Pleggenkuhle: Better answer: This next summer, be on the lookout.
Chan: That is a better answer. [laughs] As musicians, you can always push it along. But we don’t want to expect anything.
Pleggenkuhle: We have done the hamster thing, like a kid. Where it’s like, “I love this hamster!” [mimes squishing hands over a hamster] So with this project, it’s like, “Let’s just let it sit in our hands for a while.”
Harris: We all have our day jobs.
Pleggenkuhle: We’re not 18.
You mentioned wardrobe. What’s up with that?
Harris: That’s Oran. He wears a lot of hats.
Literally and figuratively?
Chan: [laughs] As a band, we try to be mannequins for Tay. So we all wear midnight blue crushed velvet; black lapel blazers; button-up shirts; black tie joggings; vinyl shoes. We keep it classy behind her, with a little flash.
Tay depends on the night. I think at First Ave, she’ll be a little dolled up. Big hair, big voice, big lips.
Harris: Big hoops. My outfit is definitely not “Tay.” It’s Lady Lark. I got big make-up on; big lashes; bright lips. The hair’s out, and there’s some sunglasses at times.
Chan: We’re such fans of good musicians. Sharon Jones. The show is a show — we don’t like to talk a lot between our songs. There should be transitions. I think that ties back to how the wardrobe looks.
Pleggenkuhle: Copying is the highest form of flattery. We’ve been fans of artists like Sharon Jones and the Dap-Kings. Even Mayer Hawthorne in a tuxedo. We’re professionals, even while we’re having fun.
I got to see Lauryn Hill back in September, and that was a show. [Taylor nods] Were you there?
Harris: Yes. She commands that stage like no one I’ve ever seen before.
Getting to watch these amazing black women bandleaders, too, like Erykah Badu at Eaux Claires saying, “Hit that. Play this.”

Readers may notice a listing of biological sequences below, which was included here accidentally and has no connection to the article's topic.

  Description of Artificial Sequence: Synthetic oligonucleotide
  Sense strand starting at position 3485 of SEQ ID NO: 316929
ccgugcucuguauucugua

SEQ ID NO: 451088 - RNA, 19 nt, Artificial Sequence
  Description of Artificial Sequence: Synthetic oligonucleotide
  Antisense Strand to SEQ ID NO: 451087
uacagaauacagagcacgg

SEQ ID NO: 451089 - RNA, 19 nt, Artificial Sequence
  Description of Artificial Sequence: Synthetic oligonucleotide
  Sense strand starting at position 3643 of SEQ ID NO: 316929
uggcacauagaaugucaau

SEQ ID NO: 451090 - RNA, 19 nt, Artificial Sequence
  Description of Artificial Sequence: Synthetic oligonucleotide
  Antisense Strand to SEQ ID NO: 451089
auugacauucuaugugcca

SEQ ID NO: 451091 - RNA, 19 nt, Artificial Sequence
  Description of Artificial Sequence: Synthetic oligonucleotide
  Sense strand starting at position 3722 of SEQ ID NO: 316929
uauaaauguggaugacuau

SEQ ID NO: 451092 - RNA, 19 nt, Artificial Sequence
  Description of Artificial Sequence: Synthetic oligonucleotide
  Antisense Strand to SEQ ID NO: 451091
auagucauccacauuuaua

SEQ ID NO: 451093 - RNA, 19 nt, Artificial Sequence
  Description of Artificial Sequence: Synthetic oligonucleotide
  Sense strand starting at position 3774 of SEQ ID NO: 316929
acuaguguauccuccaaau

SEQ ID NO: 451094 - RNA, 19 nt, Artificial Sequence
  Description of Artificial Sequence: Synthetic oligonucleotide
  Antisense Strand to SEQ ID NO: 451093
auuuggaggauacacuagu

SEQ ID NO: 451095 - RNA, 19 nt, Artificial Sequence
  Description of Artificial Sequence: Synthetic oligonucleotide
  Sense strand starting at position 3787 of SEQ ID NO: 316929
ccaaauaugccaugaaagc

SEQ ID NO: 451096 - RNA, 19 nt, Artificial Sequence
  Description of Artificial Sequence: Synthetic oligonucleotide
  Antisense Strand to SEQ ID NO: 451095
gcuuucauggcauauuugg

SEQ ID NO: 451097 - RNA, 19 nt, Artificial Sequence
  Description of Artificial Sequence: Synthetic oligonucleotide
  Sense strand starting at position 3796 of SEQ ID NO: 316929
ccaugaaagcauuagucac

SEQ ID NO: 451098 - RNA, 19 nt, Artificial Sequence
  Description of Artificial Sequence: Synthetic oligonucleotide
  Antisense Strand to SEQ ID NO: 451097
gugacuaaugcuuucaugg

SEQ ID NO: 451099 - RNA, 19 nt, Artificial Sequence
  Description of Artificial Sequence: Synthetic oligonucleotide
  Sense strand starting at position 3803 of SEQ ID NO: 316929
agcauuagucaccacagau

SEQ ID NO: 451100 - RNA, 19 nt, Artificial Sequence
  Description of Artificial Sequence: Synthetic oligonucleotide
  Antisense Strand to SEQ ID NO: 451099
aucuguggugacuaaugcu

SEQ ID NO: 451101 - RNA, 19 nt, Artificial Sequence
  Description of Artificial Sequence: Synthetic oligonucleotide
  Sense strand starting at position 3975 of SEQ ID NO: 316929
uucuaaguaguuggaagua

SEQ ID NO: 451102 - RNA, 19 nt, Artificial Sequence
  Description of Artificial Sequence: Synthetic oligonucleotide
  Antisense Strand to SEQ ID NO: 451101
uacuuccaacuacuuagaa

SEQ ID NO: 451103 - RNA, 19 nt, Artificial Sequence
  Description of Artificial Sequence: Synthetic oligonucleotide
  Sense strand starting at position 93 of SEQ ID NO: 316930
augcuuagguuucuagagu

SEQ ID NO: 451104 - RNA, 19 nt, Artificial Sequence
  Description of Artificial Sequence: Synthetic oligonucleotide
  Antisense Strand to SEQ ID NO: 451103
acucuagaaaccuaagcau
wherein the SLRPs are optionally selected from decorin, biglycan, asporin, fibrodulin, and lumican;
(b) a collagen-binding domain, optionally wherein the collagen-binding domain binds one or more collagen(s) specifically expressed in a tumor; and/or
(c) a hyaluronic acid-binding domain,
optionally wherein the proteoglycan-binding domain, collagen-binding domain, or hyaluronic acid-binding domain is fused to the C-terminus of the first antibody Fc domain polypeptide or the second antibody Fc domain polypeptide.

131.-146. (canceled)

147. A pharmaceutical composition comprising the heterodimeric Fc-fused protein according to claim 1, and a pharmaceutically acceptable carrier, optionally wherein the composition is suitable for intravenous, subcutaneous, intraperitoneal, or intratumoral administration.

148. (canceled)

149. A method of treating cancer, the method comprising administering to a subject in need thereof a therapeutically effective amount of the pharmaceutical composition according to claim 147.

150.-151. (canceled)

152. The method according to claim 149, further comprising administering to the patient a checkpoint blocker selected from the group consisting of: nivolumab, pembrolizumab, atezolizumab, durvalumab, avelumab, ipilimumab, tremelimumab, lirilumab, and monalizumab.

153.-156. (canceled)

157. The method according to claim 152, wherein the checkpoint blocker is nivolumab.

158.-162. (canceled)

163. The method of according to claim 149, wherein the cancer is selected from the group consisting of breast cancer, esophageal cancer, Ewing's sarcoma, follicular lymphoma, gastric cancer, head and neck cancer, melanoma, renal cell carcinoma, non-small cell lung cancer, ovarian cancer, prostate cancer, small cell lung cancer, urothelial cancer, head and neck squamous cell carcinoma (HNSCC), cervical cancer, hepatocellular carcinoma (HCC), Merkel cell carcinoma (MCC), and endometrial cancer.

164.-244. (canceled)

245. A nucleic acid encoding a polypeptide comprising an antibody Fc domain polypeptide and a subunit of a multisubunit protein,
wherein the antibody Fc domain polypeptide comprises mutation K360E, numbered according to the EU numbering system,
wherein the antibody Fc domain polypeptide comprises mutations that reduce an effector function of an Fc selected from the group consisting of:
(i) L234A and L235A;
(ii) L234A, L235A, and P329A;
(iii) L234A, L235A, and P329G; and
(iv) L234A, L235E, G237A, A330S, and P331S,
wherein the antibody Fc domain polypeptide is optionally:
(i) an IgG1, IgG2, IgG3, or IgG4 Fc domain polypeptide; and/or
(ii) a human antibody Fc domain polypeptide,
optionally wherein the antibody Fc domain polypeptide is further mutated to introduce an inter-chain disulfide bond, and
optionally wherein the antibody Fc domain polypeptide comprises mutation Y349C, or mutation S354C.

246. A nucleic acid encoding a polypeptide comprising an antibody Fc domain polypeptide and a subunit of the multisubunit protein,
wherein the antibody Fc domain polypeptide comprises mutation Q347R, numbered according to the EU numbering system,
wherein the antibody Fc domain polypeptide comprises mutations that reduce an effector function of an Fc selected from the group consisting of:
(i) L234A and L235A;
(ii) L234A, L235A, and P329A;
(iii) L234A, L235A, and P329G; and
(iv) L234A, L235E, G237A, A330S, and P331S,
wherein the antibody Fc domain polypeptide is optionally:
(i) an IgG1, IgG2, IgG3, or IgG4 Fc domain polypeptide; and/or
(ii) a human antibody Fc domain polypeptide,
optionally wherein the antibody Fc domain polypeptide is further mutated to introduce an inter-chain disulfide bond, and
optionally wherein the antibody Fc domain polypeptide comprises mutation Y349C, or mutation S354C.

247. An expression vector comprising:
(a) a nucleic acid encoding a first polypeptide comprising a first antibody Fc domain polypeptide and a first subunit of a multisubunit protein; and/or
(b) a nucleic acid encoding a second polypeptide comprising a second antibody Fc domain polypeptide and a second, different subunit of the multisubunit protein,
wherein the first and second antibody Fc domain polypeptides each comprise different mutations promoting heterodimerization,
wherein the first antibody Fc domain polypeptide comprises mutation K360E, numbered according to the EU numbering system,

Harris: I totally agree.
Chan: That sounds like Tay at practice.
Harris: People like Lauryn Hill, Erykah Badu, and Beyoncé — those are incredible people, far beyond what I’ve ever done, obviously. But to have those women as the ones I look up to and respect immensely feels pretty cool. God, it’s just so fun.
I saw Charles Bradley at First Ave. I always thought it was weird when people cried at live performances. I get that you’re enjoying it, but why are you crying? But I actually cried at his show. It was actually in the middle of one of his stories, and I was like, “Oh my god, this is what we all need to hear right now.” I was in love.
Do you go out and see live music super often?
Harris: Yeah. It’s my pastime. I was counting from 2016, and I think I went to 27 different concerts and also went to Coachella.
Chan: I’d be like, “Can we practice, Tay?”
Harris: “Sorry, I’m going to a show tonight, guys!”
Chan: At the inception of this, [Kyle and I] went on a pilgrimage to see our idols, Hall and Oates. We saw them in California, and Mayer Hawthorne opened for them. That’s another show we set on this pedestal. Even though they were having so much fun, we were blown away by the musicianship. I went back to all my old vinyl, and I’m like, “Dude, this guy played for, like, 30 years.” They’re something so cool about the longevity.
Pleggenkuhle: For me, that’s always been the magic of it. The music that makes me feel a certain way is magical. And if someone can do that to me, how do you figure out how to do that to someone else? How do you learn that magic trick?
I don’t know if we’re having that impact on people, but that’s the intention.
I also feel like that with writing. If I’m crying at what I just typed, hopefully someone else is, too.
Pleggenkuhle: Or you’re just a wreck. Who knows. [all laugh]
Lady Lark performs with Rich Jones, Wisco Kidz, and Show at the 7th St. Entry on Jan. 16.